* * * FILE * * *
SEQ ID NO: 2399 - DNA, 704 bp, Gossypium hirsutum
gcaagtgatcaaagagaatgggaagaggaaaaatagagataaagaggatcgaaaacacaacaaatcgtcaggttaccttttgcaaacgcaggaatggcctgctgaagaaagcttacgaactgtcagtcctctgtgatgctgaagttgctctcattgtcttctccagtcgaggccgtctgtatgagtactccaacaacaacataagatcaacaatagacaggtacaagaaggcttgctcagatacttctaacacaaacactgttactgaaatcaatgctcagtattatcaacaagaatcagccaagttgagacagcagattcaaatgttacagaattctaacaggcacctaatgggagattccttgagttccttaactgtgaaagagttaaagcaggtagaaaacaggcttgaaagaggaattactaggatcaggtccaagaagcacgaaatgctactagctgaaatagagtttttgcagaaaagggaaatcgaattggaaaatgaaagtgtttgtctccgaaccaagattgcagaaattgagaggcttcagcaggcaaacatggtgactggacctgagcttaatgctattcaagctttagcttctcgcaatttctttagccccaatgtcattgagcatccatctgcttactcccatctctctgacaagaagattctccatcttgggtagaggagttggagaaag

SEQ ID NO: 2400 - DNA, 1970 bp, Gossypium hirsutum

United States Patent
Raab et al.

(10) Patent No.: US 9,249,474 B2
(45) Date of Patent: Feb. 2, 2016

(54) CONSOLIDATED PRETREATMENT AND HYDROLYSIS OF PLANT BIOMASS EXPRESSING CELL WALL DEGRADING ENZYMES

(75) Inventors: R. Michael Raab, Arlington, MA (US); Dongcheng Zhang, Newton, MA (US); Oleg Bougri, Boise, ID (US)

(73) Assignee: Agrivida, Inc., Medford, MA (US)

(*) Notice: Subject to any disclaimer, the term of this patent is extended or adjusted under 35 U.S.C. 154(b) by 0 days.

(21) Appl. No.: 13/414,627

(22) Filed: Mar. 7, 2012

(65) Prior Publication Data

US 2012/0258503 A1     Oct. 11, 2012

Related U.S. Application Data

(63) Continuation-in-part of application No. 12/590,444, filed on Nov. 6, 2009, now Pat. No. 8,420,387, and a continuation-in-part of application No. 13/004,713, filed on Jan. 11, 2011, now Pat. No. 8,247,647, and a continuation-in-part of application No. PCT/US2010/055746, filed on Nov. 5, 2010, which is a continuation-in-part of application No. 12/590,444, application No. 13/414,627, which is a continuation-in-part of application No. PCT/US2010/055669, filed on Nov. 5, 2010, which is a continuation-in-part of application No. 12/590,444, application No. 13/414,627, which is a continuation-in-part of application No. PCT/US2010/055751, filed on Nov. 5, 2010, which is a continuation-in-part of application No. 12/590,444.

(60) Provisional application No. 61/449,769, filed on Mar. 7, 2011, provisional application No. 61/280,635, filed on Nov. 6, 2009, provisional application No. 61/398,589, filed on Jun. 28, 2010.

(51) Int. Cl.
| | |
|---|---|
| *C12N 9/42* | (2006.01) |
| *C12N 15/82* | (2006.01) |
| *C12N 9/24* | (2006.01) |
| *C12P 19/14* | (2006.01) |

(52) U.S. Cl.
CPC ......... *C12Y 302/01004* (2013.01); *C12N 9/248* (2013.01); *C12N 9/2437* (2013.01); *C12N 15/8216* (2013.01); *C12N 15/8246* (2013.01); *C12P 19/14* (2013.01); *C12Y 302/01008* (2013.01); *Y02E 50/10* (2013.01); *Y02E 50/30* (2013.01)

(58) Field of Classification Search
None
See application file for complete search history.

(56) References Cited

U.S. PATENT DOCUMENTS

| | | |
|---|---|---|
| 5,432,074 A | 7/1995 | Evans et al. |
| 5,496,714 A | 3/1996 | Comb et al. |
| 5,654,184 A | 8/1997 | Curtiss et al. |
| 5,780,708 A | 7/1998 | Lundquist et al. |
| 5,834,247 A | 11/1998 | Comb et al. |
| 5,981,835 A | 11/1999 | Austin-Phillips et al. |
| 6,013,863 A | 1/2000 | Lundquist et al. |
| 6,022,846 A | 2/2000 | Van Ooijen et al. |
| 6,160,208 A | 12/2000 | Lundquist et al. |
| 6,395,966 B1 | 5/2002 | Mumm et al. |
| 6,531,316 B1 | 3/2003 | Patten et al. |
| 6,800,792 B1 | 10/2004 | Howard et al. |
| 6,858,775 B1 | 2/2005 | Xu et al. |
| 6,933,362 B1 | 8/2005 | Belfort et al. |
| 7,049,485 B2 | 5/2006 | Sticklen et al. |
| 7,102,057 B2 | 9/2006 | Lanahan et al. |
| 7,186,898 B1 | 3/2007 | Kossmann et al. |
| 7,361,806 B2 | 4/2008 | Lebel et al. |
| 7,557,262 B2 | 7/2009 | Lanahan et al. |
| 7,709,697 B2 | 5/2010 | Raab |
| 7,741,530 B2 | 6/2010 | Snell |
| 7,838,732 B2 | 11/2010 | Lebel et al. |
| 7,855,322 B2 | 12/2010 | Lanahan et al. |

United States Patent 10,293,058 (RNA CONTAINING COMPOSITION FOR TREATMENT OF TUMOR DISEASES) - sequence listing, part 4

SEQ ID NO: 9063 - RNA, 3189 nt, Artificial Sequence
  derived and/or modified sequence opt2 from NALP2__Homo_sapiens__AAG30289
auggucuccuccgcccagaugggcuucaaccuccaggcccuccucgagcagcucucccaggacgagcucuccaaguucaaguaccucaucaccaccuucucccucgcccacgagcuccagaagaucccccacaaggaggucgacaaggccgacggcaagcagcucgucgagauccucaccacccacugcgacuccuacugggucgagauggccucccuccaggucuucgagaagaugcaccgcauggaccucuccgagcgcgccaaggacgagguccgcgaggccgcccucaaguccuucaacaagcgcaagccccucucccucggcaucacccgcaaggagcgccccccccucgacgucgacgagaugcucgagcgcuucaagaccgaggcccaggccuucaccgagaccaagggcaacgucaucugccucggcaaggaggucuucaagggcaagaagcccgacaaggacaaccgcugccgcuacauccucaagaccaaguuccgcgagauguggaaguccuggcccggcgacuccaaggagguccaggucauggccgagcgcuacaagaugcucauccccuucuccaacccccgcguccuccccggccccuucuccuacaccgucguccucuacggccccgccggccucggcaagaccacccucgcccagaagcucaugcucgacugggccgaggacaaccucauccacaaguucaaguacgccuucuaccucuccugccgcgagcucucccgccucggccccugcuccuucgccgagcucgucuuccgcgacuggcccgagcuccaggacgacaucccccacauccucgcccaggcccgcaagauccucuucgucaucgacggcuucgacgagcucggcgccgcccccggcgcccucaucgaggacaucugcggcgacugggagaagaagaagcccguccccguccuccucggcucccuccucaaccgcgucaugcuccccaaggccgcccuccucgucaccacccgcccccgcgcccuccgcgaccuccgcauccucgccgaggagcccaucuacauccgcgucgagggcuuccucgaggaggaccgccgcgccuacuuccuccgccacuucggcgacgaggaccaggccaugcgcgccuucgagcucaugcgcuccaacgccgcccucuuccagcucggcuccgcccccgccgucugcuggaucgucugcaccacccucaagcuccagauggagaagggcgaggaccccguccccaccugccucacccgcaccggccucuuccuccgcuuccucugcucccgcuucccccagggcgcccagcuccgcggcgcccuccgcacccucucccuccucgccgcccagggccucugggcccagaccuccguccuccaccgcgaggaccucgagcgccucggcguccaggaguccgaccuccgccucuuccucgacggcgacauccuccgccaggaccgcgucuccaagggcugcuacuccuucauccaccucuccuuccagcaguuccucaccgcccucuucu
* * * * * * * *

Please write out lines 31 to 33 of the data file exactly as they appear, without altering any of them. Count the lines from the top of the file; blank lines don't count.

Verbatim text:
(56) References Cited

U.S. PATENT DOCUMENTS

| | | |